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19th Century Princess And Cookbook Author Was Also Georgia's First Feminist

Princess Barbare Jorjadze is renowned for her cookbook. But she spent most of her life writing letters, poems and essays, to fight for a greater public role for Georgian women.
Portrait of Barbare Jorjadze in the Georgian National Library's reading room named after her. Source: George Lomsadze for NPR

In 19th century Georgia, Princess Barbare Jorjadze grew up to be the country's first feminist. But until recently she's been best remembered for another accomplishment – her cookbook.

Jorjadze's book, Georgian Cuisine and Tried Housekeeping Notes, has long been a prized household possession. While its more elaborate recipes have been forgotten, the book's simpler dishes have retained currency through nearly 150 years of cataclysmic changes. Two centuries, two world wars, and two empires (Tsarist and Soviet) later, Georgians still make a holiday dish of satsivi, with turkey in a walnut puree-thickened gravy, pretty much the way Jorjadze instructed in 1874.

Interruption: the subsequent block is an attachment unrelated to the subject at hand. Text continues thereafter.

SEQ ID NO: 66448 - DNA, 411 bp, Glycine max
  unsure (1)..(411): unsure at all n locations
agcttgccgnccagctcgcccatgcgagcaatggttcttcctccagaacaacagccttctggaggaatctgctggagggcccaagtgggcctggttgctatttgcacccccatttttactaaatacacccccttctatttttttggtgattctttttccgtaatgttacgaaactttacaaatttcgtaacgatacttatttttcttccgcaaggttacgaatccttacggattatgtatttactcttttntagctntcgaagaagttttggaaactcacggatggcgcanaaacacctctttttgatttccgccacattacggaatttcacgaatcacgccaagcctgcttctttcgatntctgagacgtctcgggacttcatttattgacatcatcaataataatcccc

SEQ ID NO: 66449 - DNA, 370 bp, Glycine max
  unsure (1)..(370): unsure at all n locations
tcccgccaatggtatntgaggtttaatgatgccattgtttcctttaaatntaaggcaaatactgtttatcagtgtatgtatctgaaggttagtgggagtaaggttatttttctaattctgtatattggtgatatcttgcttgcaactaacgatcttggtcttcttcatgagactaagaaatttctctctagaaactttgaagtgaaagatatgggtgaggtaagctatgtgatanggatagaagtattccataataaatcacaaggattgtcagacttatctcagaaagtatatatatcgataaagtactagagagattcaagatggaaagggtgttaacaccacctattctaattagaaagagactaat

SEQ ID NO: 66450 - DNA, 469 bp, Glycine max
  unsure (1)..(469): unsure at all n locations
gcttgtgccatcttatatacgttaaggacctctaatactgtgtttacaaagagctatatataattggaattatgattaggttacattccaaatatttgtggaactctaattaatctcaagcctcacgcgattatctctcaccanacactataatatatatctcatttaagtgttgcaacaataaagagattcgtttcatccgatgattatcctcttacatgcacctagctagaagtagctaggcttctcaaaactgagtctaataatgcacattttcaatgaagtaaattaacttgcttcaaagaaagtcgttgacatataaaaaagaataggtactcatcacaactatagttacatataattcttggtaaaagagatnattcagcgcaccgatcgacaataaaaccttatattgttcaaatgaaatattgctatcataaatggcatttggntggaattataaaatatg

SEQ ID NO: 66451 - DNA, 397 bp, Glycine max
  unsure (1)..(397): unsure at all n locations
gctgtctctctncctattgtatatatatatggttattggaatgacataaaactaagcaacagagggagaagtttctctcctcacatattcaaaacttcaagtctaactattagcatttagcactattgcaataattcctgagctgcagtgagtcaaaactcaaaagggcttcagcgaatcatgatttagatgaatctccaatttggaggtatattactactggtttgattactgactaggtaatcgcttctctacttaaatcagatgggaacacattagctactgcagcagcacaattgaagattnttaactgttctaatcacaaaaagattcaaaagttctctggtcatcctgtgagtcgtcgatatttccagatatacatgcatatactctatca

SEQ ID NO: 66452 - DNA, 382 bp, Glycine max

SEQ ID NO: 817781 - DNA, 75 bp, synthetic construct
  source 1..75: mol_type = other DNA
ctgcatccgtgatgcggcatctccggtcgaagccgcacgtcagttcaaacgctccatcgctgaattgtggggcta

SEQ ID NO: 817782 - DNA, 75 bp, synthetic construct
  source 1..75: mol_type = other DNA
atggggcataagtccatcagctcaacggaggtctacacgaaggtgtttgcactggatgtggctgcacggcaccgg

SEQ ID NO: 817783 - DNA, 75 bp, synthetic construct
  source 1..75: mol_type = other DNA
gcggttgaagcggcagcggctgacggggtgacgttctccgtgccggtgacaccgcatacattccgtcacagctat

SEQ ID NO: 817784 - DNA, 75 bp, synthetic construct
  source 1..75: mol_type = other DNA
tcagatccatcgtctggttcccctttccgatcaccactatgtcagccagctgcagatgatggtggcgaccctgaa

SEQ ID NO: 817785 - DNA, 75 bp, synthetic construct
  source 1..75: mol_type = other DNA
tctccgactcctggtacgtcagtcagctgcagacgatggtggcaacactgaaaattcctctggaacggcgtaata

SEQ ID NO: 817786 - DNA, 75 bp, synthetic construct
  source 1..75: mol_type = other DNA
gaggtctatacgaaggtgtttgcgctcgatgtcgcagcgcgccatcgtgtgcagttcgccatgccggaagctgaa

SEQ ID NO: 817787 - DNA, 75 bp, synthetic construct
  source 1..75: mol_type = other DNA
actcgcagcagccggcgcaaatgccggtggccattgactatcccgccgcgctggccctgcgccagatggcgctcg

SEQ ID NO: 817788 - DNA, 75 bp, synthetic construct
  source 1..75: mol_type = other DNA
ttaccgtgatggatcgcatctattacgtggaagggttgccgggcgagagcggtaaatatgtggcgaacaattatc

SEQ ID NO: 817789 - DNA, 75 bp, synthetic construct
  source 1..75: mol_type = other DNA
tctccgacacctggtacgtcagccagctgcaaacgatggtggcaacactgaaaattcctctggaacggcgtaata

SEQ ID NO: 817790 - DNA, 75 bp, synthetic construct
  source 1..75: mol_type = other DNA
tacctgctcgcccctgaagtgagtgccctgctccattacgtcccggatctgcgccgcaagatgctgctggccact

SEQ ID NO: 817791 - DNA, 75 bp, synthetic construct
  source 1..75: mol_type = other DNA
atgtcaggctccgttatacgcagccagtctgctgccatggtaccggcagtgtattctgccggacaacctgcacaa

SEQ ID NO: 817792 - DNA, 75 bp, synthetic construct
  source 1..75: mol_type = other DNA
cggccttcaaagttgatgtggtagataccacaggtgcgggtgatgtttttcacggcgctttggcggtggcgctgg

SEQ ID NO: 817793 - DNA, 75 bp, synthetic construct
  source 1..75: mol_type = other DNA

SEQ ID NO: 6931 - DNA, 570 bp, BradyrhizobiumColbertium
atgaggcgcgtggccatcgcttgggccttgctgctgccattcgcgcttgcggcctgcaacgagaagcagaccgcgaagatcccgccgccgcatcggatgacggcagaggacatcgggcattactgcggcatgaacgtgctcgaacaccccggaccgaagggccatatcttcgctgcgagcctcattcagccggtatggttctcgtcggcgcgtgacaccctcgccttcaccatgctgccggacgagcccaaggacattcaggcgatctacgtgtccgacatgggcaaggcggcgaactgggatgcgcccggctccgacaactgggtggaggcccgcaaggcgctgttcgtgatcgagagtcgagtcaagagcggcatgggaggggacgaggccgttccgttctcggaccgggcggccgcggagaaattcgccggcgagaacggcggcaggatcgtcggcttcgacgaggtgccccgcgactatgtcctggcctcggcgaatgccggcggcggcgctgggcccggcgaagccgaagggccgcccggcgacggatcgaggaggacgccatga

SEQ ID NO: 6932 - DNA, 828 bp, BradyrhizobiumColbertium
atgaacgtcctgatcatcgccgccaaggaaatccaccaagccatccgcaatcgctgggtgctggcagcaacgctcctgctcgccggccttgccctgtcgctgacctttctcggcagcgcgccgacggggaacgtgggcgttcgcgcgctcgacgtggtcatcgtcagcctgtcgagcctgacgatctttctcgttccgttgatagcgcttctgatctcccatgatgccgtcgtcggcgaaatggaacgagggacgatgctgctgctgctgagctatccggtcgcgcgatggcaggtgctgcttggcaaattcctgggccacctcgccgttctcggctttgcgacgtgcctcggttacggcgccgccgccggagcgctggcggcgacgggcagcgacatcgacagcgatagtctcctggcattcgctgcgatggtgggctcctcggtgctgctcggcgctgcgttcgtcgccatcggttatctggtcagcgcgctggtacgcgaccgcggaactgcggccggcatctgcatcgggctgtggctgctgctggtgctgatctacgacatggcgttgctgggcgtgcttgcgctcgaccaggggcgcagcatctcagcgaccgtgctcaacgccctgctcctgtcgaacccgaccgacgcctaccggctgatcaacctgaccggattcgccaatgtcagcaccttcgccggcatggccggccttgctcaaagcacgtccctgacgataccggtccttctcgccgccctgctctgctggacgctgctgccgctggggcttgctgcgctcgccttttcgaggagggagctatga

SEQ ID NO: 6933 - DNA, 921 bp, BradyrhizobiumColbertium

"Put half a pound of crushed walnuts in the stock. Add two diced onions and two cloves of finely chopped garlic, coriander and other herbs, and bring to boil."

Jorjadze suggested boiling and then broiling the turkey to soften the meat. Scrawny and petite compared to their giant American

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